Fly away, Jack (Hide second finger behind your back)

Fly away, Jill ( Hide second finger behind your back)

Come back, Jack (Bring first finger back to the front)

Come back, Jill ( Bring second finger back to the front)


As you will see, children like to count and "uncount" the mice in this story. This helps develop their sense of numbers. Read Mouse Count by Ellen Stoll Walsh. Have your child act out the story. You be the snake, to keep some control. 

Help your child see shapes all around them, even if they are not standard shapes like circles, triangles, and squares. Even babies can see shapes and light/dark patterns long before they know what they are called. Awareness of shapes builds a foundation for the math concepts children will need to learn later in school. 

Read It Looked Like Spilt  Milk by Charles ShawAsk your child to call out what he thinks the shapes are. Allow him some time to call out what  he sees. If  your child is  too young to answer or hesitates to call out the answers, the adult can respond. 

Physical Development

Practicing fine motor skills, such as making small finger motions while singing a song, helps develop your child's coordination. Four -year old children have greater control of their  fingers and hands than younger children do. Songs such as " Open Them, Shut Them" are easier for three-, four-, and five-year-olds than for younger children because children develop greater coordination and control of small movements as they age.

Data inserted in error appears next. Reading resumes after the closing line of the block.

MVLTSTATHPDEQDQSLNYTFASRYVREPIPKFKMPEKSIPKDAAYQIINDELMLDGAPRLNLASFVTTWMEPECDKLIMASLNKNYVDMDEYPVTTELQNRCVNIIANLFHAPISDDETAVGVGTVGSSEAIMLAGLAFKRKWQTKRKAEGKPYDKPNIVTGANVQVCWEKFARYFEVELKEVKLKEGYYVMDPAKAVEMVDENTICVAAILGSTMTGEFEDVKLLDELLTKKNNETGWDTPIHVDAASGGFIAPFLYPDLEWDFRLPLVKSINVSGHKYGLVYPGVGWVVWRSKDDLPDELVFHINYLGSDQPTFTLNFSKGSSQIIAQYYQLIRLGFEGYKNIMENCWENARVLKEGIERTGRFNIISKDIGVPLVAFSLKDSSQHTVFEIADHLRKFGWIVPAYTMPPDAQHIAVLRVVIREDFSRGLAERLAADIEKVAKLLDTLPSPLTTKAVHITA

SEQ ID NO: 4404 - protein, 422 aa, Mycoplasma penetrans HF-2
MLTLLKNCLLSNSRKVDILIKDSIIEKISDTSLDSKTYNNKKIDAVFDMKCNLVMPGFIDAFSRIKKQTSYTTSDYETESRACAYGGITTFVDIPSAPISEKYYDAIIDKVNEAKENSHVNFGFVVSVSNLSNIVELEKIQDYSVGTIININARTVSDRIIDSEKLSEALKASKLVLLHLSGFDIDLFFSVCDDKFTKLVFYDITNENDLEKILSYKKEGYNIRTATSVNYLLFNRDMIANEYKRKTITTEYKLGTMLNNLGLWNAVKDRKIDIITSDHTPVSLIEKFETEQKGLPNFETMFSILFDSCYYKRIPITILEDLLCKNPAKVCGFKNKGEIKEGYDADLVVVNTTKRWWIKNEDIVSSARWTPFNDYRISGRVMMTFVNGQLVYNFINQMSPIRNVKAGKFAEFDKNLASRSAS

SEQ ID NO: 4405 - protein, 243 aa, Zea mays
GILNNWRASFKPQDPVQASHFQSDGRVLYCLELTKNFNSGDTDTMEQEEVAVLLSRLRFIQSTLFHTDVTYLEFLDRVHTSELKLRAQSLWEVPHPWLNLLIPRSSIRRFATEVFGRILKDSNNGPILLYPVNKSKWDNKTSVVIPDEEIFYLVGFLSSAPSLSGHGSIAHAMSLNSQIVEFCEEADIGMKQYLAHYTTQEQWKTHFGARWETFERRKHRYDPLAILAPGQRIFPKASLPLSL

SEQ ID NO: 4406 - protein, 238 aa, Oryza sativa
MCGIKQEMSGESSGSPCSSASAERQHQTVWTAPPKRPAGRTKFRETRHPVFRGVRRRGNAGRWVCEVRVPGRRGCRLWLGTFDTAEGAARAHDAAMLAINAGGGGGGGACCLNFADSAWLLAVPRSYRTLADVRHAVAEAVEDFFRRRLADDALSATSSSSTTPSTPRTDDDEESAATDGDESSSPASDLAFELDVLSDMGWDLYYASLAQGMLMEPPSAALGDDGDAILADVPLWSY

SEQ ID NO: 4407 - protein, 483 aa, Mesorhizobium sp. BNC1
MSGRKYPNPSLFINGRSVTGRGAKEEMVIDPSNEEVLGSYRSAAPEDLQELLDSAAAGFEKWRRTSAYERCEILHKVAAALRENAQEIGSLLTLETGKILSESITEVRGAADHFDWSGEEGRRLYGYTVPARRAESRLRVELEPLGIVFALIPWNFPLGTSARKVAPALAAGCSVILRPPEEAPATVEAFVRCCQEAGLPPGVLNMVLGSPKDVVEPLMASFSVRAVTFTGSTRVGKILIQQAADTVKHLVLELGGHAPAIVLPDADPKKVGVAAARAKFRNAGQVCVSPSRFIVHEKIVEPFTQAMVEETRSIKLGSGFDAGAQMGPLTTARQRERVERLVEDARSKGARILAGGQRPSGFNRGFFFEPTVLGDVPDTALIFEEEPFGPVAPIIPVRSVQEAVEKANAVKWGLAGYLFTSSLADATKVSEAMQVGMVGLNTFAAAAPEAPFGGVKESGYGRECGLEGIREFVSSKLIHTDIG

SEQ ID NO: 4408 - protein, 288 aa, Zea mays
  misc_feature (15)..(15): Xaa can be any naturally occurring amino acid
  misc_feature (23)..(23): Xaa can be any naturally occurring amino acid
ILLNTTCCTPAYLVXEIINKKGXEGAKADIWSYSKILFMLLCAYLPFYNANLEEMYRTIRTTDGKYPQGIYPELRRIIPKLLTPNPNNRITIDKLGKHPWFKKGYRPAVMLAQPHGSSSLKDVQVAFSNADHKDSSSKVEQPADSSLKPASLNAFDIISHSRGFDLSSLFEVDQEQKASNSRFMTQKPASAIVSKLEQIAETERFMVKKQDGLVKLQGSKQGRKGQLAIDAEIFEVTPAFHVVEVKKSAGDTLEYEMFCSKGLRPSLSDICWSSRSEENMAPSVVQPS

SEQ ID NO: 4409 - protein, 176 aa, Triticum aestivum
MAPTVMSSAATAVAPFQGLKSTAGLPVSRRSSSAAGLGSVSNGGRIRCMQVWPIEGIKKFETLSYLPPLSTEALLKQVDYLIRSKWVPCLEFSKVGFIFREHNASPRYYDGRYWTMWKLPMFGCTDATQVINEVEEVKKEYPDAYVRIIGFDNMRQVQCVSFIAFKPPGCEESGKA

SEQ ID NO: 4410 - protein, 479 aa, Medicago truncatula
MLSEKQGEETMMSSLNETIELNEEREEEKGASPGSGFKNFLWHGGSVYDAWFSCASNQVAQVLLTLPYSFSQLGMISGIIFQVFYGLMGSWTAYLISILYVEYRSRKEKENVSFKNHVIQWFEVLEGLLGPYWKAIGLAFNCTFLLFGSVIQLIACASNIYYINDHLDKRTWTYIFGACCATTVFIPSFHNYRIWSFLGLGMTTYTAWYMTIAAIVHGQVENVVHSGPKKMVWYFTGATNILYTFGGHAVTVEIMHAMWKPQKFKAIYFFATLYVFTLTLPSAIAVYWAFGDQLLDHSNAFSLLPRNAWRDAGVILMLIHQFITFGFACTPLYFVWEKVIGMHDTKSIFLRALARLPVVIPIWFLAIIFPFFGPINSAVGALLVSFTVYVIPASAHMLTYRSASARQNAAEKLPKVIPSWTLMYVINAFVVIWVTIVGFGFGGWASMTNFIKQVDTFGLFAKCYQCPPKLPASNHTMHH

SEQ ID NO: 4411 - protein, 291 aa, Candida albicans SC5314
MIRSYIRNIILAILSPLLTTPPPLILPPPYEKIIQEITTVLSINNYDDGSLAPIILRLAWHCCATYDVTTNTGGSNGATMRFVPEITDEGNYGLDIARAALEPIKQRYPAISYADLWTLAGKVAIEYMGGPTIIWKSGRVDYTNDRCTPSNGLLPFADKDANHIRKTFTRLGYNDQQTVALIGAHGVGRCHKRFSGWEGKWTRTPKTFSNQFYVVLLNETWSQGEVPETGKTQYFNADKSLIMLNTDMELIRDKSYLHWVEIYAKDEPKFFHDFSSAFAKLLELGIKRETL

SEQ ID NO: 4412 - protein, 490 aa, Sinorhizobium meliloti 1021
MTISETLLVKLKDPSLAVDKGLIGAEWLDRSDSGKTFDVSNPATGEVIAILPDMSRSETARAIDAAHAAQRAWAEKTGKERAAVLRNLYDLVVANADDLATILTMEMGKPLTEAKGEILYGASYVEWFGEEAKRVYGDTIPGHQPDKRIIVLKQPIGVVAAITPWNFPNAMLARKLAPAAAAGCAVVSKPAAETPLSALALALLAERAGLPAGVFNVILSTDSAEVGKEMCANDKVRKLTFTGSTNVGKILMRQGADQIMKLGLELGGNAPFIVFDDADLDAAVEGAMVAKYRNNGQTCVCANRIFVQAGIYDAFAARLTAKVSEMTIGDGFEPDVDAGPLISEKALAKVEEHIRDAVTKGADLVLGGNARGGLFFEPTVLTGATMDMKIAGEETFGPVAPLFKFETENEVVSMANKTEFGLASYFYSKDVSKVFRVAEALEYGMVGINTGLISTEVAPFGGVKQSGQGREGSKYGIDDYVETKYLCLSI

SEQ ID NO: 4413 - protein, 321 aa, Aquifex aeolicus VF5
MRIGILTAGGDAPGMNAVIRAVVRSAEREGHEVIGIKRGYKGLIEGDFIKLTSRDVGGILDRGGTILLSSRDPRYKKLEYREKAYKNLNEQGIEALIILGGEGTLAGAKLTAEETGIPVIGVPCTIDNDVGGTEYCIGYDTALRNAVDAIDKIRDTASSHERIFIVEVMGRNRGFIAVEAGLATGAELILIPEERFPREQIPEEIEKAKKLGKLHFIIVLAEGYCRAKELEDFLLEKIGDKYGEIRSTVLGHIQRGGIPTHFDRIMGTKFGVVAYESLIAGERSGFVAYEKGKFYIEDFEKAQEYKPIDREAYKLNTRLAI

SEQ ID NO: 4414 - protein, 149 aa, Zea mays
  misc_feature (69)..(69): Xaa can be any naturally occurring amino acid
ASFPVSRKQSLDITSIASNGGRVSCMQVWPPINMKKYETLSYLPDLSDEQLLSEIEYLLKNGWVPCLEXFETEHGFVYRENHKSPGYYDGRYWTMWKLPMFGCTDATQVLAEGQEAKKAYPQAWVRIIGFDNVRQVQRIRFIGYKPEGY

Ask your child to use her hands and fingers to follow the directions in the song. Pause after the "Open up your little mouth" and shake your finger for the last line. 

Open them, shut them, open them, shut them,
Give a little clap.
Open them,  shut them, open them, shut them,
Put them in your lap

Creep them, creep them, creep them, creep them,
Right up to your chin.
Open up your little mouth...
But do not put them in!

Active use of arms and legs encourages development of gross motor skills, which contributes to school readiness and learning. Activities like this one, in which children do what is called crossing the midline -- this is, crossing the center of the body-- helps develop children's minds as well as their bodies. 

Lay your baby or toddler on his back on parent's outstretched legs and hold one of the child's leg in each hand while guiding him through the movements of the rhyme.

This is Bill Anderson ( Hold up one leg)